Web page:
My memories of early television are scant because my dad refused to buy a television set until the reception was good enough to suit him, which means the only times I saw television prior to the early 1950s was when we visited my grandparents on Sundays and watched, through the grainy snow of the tiny screen, some of the early programs that were mostly just the same old radio shows with milky pictures attached. Chairs were lined up as at the theater, the set was turned on, adjusted, and the lamps were turned off. No one talked or snacked while watching television then. The TV tray had yet to be born and the TV lamp was thought to save your eyesight..
I had already been in college a year or two when Dad finally gave in and bought the best, enormous, console television available, housed in a beautiful walnut cabinet with doors. They had TV in the lounge at the dorm at the time, but I was always too busy to watch it and, not having been accustomed to it, certainly didn’t miss it. My television watching was limited to holidays when I was home from college and rainy days in summer when I wasn’t working at the miniature golf course. My 12-year-old sister and my 70-year-old grandmother were the only ones in our house who became avid television watchers. Dad watched the news and an occasional movie, Westinghouse Playhouse or The Ed Sullivan Show. When he was done watching, he turned off the set and closed the doors just as he had always turned off the radio when he was done listening to the news, never mind who else might still be interested in the next program.
My grandmother watched Queen For A Day, where some unfortunate, usually single, poverty-line, young mother would be encouraged to relate her tear-stained story of hardship and given a new refrigerator and a basket of school supplies for her children. Then, there was The Big Pay-off, the premise of which I fail to recall, only that Bess Meyerson always modeled a full-length mink coat which was given to one of the contestants by the end of the show. There were lots of homemaking programs, mostly consisting of cooking hints and recipes, and fairly entertaining programs like Art Linkletter’s House Party, where the audience provided most of the entertainment. Grandma never missed that one. She wore jewelry and makeup and took off her apron for the Houseparty, convinced that, since she could see them, they could see her and she wouldn’t want Art Linkletter to think she didn’t appreciate his efforts.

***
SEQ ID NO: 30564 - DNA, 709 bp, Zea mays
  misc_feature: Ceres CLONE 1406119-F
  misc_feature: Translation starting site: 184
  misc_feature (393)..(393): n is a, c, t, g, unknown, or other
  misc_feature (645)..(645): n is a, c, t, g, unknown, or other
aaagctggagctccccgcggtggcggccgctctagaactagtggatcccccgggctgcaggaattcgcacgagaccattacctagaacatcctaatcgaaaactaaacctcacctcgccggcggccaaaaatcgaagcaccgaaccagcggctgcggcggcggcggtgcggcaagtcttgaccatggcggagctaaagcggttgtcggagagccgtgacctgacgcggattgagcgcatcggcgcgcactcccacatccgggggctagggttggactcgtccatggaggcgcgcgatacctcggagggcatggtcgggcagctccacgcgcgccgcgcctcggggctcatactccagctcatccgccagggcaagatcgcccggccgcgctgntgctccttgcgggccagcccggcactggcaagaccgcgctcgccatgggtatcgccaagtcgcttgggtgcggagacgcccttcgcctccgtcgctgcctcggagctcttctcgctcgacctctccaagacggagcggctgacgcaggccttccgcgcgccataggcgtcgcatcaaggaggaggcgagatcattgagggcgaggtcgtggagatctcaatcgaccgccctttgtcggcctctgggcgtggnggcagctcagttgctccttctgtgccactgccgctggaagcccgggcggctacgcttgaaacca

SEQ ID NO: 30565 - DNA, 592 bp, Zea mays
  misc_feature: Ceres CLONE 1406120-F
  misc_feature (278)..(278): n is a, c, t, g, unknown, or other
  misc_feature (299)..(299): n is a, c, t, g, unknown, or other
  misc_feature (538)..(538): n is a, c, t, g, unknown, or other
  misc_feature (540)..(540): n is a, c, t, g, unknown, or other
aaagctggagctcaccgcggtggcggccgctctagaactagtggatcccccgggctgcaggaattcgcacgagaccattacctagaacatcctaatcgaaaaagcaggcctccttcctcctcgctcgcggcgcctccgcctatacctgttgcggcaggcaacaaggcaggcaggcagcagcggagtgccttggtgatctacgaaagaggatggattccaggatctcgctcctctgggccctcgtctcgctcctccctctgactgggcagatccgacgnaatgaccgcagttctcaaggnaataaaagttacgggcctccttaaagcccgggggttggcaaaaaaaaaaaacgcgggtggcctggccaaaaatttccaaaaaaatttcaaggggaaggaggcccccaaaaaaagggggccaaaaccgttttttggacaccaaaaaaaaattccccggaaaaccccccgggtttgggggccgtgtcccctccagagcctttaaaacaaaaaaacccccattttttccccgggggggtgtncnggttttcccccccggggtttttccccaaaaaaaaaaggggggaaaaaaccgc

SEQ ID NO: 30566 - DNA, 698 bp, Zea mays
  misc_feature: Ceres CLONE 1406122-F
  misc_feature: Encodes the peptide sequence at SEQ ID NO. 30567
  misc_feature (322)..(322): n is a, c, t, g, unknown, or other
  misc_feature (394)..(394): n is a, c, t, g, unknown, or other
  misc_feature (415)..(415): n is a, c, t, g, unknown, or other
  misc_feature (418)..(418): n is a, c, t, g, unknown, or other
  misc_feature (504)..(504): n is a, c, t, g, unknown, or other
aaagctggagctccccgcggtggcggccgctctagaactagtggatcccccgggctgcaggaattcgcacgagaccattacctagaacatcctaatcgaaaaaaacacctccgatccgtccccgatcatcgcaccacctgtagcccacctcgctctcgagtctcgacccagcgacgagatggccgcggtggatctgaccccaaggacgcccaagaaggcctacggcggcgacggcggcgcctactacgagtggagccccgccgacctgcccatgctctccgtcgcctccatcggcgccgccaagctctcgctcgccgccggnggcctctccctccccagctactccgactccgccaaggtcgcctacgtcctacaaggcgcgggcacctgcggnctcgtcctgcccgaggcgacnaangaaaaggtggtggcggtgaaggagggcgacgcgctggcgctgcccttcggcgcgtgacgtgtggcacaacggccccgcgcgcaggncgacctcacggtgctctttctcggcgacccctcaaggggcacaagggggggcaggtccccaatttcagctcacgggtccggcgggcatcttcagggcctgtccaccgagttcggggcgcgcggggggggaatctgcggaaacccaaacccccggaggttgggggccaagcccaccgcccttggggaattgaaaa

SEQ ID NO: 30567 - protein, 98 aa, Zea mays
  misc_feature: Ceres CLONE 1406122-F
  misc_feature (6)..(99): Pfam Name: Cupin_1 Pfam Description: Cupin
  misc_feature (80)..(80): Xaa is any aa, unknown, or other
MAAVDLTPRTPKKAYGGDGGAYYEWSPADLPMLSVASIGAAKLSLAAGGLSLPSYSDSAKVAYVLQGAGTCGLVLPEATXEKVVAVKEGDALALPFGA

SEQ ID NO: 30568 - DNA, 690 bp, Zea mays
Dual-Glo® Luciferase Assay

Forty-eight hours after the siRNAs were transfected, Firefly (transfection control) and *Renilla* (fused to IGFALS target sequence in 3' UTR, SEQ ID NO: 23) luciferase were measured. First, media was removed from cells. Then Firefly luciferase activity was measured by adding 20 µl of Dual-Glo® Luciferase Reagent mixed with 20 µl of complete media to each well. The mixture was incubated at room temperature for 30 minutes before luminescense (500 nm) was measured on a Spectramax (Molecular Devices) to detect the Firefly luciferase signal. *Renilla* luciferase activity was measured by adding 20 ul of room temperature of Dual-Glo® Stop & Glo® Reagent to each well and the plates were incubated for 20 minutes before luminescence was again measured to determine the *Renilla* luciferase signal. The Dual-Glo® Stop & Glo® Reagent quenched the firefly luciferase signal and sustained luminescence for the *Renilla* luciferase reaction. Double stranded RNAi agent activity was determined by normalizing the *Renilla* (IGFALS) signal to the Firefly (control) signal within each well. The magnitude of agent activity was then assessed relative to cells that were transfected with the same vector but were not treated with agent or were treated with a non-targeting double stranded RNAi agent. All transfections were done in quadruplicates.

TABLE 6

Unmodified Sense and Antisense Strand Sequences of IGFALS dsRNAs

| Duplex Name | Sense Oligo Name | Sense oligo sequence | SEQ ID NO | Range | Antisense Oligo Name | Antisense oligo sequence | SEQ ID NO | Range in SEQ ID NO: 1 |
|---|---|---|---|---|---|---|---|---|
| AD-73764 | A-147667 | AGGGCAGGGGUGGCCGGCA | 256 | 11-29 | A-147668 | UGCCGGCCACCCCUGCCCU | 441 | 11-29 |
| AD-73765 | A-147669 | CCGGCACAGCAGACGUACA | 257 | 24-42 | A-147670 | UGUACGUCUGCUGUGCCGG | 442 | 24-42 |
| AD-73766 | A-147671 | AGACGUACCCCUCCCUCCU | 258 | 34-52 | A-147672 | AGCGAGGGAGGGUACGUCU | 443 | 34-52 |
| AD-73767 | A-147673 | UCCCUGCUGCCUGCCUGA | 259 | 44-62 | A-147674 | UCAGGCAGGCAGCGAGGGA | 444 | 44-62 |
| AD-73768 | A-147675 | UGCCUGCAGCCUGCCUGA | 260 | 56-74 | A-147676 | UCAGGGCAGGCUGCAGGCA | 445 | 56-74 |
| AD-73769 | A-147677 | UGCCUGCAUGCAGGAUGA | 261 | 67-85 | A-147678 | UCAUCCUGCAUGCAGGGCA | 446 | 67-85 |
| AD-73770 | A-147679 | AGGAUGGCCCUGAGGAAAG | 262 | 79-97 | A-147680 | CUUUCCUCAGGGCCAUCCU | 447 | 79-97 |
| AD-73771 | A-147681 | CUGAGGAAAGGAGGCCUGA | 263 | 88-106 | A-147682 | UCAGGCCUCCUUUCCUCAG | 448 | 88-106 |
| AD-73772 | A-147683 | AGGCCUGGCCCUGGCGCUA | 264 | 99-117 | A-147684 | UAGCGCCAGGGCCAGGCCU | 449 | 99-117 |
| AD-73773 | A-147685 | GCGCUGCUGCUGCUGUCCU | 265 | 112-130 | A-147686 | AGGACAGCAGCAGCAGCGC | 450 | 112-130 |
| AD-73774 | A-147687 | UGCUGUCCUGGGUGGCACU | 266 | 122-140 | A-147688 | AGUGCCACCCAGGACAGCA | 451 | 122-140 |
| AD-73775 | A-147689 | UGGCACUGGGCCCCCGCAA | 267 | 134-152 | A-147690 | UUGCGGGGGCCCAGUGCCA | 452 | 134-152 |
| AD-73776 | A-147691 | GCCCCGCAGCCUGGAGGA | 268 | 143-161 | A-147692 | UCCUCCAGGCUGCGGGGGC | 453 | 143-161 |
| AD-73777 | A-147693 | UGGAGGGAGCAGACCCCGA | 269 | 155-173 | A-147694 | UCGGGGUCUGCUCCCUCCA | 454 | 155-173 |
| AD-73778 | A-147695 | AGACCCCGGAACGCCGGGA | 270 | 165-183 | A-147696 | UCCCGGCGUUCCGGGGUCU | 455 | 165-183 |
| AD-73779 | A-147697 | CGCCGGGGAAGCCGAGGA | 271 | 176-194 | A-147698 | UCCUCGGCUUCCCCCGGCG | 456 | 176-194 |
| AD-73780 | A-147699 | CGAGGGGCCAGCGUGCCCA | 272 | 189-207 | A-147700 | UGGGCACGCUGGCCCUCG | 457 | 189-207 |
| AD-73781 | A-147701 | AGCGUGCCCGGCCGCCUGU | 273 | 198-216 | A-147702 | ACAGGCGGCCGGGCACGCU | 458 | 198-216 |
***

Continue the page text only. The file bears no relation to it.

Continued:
There were few programs especially for children in those days. My little sister watched Captain Video, a sort of space fantasy where the actors usually performed around a papier mache boulder which represented landscaping on some far-off planet. Later came such children’s programs as Dr. Max out of Cedar Rapids. There was Romper Room for the toddlers, and Saturday morning cartoons with Roadrunner and Wiley Coyote for those of us who wanted to relive our childhoods. Some very early animated cartoons skittered across the screen, almost Mickey Mouse in stick figures, and everyone crossed their fingers for the contestants on The Sixty-Four Thousand Dollar Question. Most dramatic shows such as Westinghouse Playhouse with Betty Furness demonstrating the latest innovation in refrigerators, were performed live. A few serial programs, such as The Millionaire garnered large audiences– mostly because they were a novelty. The Millionaire bestowed a fortune on some unsuspecting fictitious person each week, and we watched the unfolding of the effects this sudden wealth wrought on the recipients. Grandma thoroughly believed these stories were real, and wondered how to go about contacting this philanthropist. I can still hear John Camerion Swayze’s voice as he tortured a Timex watch by tumbling it in a washing machine.
Today, we have Oprah and Ellen giving away houses, cars and computers to deserving people struggling against poverty. (Sound familiar?) What Would You Do? and Funniest Home Videos make use of the audience much in the same way as Houseparty had. Quiz shows have gone to college and become challenges for geniuses. Cooking and homemaking shows survive in more modern format, most of the good dramas come from England, situation comedies have replaced the old variety shows which, in turn had taken over the role of Vaudeville, and the news has grown from 15 minutes to an hour and a half. Most of the children’s programs come out of public television and I suppose they are educational but I find them less than entertaining and can’t imagine why youngsters watch them– it’s no wonder kids always want to watch things intended for older children and adults. What’s the matter with just plain fun, anyway? Does it always have to be “educational”?